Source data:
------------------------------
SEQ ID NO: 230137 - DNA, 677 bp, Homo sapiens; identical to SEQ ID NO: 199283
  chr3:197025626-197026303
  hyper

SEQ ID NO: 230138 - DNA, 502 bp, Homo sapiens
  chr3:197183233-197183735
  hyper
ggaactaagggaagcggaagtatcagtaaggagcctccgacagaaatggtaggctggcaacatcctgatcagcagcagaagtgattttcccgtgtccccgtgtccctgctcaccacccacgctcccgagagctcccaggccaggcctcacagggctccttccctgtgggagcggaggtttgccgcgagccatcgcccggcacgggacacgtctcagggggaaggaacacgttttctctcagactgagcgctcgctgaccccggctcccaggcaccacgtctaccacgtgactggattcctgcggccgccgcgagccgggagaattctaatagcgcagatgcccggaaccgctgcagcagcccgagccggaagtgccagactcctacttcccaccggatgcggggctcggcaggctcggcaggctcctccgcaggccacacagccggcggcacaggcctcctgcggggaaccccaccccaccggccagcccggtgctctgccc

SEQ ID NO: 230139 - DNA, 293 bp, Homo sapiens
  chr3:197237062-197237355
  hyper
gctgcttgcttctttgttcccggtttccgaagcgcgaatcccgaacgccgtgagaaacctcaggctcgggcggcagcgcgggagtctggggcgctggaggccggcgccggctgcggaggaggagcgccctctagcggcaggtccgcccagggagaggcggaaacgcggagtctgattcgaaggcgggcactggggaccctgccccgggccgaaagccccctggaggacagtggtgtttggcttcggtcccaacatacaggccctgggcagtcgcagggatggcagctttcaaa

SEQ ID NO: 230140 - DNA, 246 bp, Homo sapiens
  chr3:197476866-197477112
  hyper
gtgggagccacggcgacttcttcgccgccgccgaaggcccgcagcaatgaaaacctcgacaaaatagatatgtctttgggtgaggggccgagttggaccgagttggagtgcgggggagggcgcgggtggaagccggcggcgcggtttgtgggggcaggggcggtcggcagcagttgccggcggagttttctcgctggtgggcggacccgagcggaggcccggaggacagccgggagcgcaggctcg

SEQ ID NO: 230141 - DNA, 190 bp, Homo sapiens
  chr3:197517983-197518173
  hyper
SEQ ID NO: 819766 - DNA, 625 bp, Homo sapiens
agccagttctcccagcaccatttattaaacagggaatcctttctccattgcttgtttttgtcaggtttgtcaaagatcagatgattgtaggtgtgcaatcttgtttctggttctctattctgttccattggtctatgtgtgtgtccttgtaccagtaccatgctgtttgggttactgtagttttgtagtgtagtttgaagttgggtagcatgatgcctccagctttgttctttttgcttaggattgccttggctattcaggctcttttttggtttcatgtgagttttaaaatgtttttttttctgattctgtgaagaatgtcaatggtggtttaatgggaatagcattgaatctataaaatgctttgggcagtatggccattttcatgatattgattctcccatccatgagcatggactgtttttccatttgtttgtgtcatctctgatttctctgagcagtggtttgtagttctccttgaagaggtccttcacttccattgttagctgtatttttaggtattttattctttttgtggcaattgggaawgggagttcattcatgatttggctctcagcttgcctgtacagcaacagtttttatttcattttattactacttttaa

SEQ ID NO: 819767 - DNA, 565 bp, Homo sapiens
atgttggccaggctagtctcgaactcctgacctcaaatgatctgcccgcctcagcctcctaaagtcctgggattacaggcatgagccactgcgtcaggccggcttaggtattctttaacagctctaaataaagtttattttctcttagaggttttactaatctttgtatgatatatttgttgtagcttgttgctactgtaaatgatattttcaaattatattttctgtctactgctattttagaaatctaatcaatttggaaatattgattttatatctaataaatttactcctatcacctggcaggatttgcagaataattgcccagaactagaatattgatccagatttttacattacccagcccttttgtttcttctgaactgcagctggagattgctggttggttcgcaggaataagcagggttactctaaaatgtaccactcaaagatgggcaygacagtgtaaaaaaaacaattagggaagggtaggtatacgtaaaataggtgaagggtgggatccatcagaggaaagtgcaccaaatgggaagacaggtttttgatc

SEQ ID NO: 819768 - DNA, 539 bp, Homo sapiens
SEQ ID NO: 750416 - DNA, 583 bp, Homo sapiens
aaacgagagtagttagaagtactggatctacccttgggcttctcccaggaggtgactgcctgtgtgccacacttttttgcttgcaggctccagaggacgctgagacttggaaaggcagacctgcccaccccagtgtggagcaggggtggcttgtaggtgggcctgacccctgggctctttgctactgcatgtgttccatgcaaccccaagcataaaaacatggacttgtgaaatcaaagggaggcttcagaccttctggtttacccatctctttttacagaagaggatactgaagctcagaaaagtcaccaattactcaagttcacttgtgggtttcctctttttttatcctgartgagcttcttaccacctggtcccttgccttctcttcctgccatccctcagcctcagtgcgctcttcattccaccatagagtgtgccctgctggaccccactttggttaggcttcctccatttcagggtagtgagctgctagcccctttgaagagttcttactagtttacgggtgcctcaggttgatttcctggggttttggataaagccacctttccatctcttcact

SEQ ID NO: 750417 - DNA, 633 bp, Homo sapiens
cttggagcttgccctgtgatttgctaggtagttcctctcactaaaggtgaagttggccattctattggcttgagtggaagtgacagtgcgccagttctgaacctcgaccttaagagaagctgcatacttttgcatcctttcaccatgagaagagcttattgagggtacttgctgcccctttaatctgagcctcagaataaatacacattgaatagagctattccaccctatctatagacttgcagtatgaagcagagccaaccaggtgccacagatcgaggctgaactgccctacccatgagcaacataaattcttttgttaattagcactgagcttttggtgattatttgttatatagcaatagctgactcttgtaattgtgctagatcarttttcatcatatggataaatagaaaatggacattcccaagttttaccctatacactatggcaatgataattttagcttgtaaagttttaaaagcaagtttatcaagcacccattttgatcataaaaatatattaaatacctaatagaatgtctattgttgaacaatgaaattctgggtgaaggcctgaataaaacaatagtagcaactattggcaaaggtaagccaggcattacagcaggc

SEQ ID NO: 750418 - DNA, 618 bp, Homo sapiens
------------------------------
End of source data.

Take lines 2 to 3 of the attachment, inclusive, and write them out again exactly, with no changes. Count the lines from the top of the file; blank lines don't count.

  chr3:197025626-197026303
  hyper